to reconnect. How exactly this happens depends somewhat on the
application's own behavior. As Blair mentioned, in Stinger there
will also be an ability to configure an automatic connection rerouting.
In-flight transactions must roll back, but the client can be reconnected
to the alternative server automatically. Other possible elements of
the failover, such as moving IP addresses around and so on are out of
HADR's control but may come into play with how the application
behaves. HADR only makes the standby database available at the
standby site after issuance of a Takeover command.

Traditional in-cluster failover (not involving HADR) is another
alternative, as I discussed before.

Can this be used also for load balancing.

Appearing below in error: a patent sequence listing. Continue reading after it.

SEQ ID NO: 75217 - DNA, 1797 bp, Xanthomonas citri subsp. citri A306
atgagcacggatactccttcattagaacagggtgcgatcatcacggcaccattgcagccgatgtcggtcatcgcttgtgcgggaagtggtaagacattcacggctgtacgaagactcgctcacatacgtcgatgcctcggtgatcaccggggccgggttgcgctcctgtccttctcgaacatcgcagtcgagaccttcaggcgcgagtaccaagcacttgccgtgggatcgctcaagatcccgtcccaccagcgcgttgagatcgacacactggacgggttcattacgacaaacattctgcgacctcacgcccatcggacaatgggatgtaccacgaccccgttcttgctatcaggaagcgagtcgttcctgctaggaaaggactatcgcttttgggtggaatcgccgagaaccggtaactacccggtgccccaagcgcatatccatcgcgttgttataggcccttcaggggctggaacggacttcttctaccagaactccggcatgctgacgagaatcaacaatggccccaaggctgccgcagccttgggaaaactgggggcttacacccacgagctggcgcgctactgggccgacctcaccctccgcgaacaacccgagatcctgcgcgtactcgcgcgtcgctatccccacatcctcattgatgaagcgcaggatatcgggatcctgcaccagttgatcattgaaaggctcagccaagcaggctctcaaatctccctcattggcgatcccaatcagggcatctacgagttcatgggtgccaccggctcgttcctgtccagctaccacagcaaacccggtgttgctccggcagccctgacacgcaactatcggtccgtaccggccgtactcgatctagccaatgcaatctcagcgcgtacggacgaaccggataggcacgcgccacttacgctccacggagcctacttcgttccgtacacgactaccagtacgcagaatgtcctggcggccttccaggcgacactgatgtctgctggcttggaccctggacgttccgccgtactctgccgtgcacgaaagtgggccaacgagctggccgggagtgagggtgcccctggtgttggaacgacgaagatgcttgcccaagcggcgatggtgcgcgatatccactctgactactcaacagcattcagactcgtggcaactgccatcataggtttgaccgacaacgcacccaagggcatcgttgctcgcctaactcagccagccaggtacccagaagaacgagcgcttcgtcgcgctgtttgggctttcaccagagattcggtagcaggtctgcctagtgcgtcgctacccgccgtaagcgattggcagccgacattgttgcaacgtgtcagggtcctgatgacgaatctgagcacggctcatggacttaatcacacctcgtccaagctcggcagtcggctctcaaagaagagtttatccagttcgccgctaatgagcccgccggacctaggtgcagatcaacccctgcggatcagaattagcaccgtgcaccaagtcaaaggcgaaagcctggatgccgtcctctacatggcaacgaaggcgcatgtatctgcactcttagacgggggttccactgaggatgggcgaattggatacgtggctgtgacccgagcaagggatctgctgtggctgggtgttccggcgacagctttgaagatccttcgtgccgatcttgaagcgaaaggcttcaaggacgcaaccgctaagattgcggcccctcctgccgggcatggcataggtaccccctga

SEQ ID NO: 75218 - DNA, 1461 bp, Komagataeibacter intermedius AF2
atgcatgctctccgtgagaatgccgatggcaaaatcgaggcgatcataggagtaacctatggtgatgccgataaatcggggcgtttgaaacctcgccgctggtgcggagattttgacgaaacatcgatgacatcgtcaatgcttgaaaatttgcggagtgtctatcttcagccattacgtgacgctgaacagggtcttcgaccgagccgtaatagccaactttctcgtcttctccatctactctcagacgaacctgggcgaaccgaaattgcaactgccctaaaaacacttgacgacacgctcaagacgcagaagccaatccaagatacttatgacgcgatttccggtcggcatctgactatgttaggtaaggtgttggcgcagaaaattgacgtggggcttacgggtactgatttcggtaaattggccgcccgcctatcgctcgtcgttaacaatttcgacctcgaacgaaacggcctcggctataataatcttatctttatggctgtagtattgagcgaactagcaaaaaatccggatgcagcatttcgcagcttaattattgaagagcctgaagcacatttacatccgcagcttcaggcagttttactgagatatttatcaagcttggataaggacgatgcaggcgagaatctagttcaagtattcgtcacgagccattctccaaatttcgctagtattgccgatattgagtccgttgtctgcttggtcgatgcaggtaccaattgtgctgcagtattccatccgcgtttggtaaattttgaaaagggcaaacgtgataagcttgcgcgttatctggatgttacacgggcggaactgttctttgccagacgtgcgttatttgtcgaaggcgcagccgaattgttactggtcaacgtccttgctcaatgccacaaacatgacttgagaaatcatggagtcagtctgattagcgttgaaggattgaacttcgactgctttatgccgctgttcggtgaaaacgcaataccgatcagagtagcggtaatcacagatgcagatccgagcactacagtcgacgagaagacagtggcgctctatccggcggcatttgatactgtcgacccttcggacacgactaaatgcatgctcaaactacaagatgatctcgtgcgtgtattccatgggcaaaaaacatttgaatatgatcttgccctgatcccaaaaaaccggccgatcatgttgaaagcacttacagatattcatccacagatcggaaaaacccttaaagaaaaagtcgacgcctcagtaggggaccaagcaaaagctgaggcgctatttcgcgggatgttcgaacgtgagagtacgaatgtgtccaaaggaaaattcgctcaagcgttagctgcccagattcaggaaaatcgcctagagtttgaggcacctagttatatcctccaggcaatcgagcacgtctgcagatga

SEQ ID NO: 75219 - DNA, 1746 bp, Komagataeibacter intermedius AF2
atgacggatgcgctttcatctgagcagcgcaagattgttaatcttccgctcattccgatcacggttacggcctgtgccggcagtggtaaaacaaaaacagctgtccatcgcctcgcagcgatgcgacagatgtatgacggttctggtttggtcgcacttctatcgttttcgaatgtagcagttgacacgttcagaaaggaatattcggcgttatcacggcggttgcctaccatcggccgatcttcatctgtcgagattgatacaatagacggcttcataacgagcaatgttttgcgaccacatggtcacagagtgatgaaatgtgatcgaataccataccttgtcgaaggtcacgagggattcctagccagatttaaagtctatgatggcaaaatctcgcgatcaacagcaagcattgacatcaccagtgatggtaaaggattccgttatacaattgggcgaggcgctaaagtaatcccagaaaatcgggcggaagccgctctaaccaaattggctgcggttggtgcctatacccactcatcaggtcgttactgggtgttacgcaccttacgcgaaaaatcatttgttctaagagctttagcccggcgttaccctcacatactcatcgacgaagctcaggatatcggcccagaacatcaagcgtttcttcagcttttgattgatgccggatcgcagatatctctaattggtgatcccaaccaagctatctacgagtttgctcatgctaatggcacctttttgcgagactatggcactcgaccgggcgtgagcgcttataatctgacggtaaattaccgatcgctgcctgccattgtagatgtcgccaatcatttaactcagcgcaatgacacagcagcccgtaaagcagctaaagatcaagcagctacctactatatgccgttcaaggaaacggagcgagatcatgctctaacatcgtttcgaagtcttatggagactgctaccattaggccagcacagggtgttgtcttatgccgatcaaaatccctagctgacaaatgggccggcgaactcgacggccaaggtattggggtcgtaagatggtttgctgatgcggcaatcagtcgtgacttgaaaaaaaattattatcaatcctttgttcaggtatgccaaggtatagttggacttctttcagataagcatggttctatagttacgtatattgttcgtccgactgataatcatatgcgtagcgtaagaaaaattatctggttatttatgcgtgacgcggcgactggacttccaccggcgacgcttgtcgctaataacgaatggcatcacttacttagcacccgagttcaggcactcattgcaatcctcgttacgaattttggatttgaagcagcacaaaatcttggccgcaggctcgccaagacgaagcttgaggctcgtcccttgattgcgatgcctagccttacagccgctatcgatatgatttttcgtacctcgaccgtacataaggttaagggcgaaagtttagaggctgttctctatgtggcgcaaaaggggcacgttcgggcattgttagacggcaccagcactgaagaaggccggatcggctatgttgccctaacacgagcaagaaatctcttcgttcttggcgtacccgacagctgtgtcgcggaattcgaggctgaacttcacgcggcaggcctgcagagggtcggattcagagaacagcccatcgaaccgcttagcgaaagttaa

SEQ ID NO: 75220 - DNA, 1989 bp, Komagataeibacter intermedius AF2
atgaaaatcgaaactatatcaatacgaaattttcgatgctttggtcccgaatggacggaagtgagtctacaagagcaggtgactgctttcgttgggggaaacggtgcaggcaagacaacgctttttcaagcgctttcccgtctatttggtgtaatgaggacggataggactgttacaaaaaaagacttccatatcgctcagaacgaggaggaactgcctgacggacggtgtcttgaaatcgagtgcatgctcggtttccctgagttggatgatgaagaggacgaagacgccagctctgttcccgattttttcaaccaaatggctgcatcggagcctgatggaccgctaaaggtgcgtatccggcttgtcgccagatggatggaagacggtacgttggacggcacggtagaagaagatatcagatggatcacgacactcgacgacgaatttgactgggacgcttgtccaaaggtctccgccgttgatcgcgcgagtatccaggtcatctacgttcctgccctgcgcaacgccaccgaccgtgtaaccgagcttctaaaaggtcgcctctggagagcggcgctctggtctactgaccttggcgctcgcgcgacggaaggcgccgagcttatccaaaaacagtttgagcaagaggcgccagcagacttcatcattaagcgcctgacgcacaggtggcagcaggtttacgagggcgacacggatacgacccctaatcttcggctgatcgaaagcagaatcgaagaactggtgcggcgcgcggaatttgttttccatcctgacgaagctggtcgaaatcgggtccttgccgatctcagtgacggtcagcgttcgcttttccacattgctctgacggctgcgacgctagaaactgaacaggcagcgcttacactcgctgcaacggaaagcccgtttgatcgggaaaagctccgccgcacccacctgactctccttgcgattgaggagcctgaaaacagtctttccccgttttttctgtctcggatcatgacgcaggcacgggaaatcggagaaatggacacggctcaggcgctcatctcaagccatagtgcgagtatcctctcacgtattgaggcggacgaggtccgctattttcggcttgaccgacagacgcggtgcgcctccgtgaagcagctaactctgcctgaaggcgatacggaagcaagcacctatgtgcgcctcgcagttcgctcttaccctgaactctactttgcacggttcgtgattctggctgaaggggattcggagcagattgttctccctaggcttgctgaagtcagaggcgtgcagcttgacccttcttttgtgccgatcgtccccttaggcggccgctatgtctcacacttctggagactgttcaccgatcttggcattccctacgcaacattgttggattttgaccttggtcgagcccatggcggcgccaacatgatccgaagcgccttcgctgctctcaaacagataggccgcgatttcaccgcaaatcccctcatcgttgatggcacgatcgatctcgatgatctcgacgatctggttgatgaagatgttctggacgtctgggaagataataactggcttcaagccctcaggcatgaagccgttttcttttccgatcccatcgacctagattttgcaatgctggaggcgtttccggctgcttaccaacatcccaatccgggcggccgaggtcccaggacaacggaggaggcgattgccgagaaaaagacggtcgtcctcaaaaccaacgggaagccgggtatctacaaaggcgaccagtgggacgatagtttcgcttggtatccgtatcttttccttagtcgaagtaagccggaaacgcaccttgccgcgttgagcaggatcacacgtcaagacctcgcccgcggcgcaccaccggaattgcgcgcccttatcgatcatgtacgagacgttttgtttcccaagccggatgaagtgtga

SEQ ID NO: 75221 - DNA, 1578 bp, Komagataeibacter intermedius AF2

In the Stinger release, HADR does not provide for anything like this.
What is most common with log-shipping database replication products
(in which category HADR falls) is to provide for periodic consistent
read access and/or periodic or continuous dirty read access to data
at the standby site. We recognize the value of this kind of access, and
it is high on our list of possible future enhancements to HADR.

Other kinds of replication technologies, such as DB2 SQL Replication
or, coming with Stinger, MQ Series based "Q" Replication, provide
logical (vs. HADR's physical) replication, at object rather than database
level, and the possibility of load balancing through either multi way
replication (update anywhere) or consistent read on non-updated sites.
Such features can also be employed in support of high availability, but
with somewhat different failover characteristics.

So you have plenty of choices! :-)

Regards,
-steve p.
-------------------
Steve Pearson
DB2 UDB Development
Portland, OR, USA
Nov 12 '05 #6